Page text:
Jobs for foreign-born workers increased in September, while jobs for workers born in the U.S. declined for the second month in a row, new data from the Bureau of Labor Statistics shows.
Foreign-born workers (anyone who is not a U.S. citizen at birth) gained an additional 14,000 jobs, while native-born workers lost 262,000 jobs, according to September BLS data. The number of working adults 16 and older fell by nearly 250,000.
The number of workers born in the U.S. holding jobs fell by nearly 700,000 in August, while the number of foreign-born holding jobs increased by more than 200,000.
Since 1970, the foreign-born population has increased by more than 325 percent, while wages and share of income fell. (RELATED: Wages Declined As Immigration Surged)
Wages remain flat and record numbers of Americans are not in the workforce. In September, nearly 40 percent of people in the U.S. ages 16 and older were not employed or looking for work.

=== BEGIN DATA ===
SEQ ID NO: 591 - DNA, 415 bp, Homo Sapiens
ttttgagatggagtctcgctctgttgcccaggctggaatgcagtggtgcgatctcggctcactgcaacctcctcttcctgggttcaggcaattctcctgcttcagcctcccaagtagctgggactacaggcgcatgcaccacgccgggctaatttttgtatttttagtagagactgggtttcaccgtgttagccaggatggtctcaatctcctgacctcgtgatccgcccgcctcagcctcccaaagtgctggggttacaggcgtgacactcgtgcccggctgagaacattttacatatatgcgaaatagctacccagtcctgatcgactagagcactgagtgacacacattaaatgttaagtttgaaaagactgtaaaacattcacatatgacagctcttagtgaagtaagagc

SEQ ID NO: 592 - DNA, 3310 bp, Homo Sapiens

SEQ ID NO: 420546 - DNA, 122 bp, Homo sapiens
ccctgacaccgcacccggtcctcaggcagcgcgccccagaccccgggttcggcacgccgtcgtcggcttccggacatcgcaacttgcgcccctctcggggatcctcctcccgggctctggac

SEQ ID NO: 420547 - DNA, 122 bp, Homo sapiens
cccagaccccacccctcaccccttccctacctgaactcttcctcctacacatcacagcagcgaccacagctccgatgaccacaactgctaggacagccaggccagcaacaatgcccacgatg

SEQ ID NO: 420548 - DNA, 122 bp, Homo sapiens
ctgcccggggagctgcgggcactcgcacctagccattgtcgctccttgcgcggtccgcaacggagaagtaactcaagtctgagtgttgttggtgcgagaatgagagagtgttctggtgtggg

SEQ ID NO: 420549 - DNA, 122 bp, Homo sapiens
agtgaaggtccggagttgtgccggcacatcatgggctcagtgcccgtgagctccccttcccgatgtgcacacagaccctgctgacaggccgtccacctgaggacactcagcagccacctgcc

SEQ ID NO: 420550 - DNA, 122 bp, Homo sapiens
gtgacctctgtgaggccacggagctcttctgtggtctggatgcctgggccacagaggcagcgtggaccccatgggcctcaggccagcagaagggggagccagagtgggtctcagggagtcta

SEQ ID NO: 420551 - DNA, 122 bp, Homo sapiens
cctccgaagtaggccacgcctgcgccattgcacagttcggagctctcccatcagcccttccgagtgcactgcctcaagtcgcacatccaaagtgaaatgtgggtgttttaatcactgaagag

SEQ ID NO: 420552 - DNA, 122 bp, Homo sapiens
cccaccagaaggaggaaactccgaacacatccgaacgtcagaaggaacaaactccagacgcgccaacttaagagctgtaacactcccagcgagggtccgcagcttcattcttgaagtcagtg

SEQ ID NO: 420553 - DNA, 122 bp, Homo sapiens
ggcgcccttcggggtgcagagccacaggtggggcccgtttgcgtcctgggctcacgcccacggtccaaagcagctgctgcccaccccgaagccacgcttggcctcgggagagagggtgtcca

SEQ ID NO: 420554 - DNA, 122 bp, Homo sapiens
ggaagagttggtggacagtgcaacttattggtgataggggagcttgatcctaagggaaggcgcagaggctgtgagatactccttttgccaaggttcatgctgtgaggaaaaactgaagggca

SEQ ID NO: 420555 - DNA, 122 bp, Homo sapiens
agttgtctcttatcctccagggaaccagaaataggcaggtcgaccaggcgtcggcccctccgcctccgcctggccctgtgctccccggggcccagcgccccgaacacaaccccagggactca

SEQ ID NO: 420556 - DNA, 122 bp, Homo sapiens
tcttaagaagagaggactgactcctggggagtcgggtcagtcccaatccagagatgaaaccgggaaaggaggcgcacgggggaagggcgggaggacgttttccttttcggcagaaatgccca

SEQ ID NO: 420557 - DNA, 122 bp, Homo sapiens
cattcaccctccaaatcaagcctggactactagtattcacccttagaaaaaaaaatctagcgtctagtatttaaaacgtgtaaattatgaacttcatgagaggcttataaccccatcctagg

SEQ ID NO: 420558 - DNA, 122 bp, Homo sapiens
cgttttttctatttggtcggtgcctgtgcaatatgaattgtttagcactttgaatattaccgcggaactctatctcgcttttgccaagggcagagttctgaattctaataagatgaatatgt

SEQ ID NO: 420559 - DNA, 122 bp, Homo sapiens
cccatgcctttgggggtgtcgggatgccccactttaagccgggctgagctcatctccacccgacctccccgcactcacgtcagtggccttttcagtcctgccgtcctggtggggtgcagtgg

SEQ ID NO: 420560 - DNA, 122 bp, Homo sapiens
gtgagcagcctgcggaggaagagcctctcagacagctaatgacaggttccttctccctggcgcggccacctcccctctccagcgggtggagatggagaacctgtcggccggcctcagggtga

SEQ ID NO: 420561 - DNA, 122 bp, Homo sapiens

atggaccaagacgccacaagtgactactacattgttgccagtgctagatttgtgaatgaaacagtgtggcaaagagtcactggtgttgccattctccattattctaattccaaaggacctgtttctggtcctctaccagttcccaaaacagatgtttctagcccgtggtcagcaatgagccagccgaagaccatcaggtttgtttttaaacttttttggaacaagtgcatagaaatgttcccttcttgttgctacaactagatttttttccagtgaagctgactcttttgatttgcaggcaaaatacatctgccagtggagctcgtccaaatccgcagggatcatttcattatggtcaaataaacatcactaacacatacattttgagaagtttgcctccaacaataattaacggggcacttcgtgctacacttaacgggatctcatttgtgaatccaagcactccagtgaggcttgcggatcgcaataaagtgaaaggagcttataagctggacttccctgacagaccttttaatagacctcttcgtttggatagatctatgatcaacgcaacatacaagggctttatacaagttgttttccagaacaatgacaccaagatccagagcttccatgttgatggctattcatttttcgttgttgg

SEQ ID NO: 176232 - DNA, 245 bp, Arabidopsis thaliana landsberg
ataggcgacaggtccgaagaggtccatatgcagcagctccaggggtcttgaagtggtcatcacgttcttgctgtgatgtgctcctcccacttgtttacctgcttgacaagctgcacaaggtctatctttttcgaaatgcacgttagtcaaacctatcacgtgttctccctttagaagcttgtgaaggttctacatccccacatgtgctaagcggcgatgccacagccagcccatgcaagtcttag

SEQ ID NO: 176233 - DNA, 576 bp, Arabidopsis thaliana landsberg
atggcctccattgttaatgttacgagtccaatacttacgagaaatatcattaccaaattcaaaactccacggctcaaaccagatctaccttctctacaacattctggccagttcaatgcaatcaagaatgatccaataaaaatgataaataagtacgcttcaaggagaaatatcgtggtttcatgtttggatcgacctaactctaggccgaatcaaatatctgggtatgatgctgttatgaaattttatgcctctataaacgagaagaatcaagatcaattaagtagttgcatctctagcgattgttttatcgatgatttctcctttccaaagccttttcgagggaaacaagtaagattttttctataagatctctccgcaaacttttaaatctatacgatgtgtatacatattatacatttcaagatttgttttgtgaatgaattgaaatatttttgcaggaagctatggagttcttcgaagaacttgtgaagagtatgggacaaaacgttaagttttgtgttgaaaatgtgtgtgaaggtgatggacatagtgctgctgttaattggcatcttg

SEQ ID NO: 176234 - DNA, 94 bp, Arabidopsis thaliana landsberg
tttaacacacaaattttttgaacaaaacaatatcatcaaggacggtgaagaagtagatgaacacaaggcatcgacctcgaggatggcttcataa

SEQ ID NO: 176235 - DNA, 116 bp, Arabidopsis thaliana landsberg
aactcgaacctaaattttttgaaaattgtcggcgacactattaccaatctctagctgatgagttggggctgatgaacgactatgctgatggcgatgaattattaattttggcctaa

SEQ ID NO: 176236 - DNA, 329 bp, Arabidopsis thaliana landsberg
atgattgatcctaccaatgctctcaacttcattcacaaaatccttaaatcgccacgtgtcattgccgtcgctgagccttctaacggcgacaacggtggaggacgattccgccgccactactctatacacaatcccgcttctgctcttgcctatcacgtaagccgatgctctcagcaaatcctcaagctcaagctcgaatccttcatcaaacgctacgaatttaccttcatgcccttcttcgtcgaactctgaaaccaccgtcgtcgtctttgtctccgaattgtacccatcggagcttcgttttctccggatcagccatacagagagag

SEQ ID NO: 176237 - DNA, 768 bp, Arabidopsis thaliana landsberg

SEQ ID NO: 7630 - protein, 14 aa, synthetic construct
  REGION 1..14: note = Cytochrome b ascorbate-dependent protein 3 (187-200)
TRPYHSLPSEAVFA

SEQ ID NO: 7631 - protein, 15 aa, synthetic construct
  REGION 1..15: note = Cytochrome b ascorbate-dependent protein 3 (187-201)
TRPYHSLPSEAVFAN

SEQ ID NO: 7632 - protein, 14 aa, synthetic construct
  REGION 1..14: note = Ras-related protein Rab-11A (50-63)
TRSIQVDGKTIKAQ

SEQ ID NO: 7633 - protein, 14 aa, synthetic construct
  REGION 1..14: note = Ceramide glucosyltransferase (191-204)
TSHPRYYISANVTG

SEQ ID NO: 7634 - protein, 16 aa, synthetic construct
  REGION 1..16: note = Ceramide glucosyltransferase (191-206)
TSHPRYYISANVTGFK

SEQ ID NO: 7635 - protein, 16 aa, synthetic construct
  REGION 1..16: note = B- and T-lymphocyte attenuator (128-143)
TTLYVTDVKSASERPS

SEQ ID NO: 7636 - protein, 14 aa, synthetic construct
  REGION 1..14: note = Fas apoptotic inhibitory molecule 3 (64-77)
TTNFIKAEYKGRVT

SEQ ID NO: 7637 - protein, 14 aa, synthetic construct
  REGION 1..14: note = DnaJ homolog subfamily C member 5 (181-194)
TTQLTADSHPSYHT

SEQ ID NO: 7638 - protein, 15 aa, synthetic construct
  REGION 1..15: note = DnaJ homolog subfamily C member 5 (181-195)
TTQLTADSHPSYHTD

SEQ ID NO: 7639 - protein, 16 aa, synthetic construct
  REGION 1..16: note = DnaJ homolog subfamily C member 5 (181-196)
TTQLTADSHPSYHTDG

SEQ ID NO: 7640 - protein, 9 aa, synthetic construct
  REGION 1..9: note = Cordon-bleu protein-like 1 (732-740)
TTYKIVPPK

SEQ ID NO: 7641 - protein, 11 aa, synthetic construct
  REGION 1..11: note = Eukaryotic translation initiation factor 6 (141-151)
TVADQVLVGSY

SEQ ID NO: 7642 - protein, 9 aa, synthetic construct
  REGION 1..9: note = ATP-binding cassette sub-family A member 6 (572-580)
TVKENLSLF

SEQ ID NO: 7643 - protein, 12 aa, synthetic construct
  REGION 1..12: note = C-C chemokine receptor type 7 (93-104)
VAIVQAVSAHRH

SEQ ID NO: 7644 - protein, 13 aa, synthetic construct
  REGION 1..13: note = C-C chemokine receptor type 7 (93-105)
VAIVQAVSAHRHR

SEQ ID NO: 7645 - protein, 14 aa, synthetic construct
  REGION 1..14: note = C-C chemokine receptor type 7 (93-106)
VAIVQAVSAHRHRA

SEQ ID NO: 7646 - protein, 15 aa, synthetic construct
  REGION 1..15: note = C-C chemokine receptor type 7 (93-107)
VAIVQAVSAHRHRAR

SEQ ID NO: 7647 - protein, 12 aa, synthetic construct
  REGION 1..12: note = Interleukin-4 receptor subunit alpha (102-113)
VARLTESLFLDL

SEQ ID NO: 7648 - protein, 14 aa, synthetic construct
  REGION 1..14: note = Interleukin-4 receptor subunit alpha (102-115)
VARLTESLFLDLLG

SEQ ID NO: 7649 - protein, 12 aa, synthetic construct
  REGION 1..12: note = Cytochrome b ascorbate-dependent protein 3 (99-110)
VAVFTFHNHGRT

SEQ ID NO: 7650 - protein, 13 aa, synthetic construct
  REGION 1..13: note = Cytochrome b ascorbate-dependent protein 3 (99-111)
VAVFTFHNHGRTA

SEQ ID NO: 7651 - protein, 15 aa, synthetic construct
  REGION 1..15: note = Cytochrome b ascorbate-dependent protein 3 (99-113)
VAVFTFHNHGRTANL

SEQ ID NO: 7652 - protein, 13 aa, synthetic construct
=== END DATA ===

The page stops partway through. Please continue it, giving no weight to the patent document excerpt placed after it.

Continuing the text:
By 2023 the foreign-born population will exceed 51 million — the largest share of total population ever recorded in American history — the Census Bureau recently projected. (RELATED: 1965 Immigration Law Exploded Foreign-Born Population)
Nearly one in five U.S. residents will be an immigrant by 2060, largely because of legal immigration, not illegal immigration, a previous Center for Immigration Studies analysis of the Census data found. And immigrants will account for 82 percent of population growth in the U.S. from 2010 through 2060.
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